These ten nations possessed the land that belonged to the descendants of Abram. God gave it to them back during the time of Noah when the descendants of Ham forfeited it by the actions of Ham the night he went in unto his father and saw his nakedness.

How many nations temporarily possess the land of Israel in the time of Jacob’s Trouble? Ten. Another coincidence I know. But the same thing happens but on a much grander scale in the Mellinial Kingdom.


Commentary by Matthew Henry, 1710.

Verse 1 – God assured Abram of safety and happiness; that he should for ever be safe. I am thy shield; or, I am a shield to thee, present with thee, actually caring for thee. The consideration that God himself is, and will be a shield to his people, to secure them from all evils, a shield ready to them, and a shield round about them, should silence all perplexing, tormenting fears.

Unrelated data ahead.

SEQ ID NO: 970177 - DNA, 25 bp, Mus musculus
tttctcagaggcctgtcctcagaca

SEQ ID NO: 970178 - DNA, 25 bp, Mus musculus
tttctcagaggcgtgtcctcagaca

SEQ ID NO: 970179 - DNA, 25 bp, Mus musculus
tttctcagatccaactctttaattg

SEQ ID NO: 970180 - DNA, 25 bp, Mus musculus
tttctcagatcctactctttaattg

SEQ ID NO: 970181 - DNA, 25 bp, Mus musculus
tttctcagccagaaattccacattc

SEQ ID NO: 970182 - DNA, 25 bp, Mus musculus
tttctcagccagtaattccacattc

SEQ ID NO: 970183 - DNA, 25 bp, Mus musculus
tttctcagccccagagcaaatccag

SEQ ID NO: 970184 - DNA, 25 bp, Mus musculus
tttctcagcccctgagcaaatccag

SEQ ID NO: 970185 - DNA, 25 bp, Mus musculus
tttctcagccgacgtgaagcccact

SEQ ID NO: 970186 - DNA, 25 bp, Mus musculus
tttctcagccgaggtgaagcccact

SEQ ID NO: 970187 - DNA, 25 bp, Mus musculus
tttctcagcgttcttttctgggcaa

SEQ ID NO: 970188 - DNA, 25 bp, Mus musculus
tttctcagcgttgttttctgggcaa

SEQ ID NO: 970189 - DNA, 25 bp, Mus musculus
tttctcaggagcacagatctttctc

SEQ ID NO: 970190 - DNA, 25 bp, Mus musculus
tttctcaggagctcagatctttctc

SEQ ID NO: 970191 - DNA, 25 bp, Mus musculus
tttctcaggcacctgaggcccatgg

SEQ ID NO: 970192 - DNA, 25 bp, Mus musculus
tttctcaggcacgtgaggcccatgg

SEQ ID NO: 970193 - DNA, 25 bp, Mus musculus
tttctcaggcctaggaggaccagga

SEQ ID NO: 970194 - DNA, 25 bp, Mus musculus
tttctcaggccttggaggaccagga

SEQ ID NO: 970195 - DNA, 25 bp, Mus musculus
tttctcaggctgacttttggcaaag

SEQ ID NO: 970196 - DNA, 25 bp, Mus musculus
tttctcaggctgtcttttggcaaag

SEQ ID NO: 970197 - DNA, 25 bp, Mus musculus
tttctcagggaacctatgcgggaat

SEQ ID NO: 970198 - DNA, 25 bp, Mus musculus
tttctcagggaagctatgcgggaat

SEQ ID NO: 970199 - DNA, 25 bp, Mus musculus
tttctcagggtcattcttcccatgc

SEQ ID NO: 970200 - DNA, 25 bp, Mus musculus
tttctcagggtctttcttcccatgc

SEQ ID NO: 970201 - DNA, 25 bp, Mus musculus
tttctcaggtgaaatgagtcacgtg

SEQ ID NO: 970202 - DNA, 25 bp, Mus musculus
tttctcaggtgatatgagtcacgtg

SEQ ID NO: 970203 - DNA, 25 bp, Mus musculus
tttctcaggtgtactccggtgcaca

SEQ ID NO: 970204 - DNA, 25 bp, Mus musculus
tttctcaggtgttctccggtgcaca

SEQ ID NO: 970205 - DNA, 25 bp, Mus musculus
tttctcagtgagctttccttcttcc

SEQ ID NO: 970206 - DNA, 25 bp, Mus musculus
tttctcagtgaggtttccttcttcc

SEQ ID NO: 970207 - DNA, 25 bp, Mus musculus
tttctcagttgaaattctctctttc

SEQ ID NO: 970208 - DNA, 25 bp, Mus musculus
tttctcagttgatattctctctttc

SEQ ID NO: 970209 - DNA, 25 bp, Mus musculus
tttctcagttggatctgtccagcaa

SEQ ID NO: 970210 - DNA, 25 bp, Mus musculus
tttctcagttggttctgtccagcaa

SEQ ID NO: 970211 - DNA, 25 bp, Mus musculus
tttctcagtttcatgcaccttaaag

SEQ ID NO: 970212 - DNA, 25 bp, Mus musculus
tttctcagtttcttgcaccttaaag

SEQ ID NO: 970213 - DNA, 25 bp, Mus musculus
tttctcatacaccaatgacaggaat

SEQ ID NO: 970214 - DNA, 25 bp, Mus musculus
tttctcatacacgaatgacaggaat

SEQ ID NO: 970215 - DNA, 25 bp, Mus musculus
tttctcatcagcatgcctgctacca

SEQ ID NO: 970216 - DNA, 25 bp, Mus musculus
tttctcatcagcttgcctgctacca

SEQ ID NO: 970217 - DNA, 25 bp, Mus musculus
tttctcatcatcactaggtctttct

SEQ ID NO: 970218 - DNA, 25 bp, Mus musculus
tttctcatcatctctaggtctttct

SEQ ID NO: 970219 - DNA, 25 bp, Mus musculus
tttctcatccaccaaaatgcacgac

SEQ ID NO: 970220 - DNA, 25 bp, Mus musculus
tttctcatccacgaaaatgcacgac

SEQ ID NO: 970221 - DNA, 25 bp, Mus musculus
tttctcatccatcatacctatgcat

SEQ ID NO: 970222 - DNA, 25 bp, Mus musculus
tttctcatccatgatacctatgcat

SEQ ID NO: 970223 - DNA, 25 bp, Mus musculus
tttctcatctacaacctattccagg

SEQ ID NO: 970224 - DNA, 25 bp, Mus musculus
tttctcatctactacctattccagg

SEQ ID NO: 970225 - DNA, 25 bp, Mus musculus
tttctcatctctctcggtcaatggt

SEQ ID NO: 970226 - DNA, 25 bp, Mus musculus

Verse 2-6 – Though we must never complain of God, yet we have leave to complain to him; and to state all our grievances. It is ease to a burdened spirit, to open its case to a faithful and compassionate friend. Abram’s complaint is, that he had no child; that he was never likely to have any; that the want of a son was so great a trouble to him, that it took away all his comfort. If we suppose that Abram looked no further than outward comfort, this complaint was to be blamed. But if we suppose that Abram herein had reference to the promised Seed, his desire was very commendable. Till we have evidence of our interest in Christ, we should not rest satisfied; what will all avail me, if I go Christless? If we continue instant in prayer, yet pray with humble submission to the Divine will, we shall not seek in vain. God gave Abram an express promise of a son. Christians may believe in God with respect to the common concerns of this life; but the faith by which they are justified, always has respect to the person and work of Christ. Abram believed in God as promising Christ; they believe in him as having raised him from the dead, Romans 4:24. Through faith in his blood they obtain forgiveness of sins.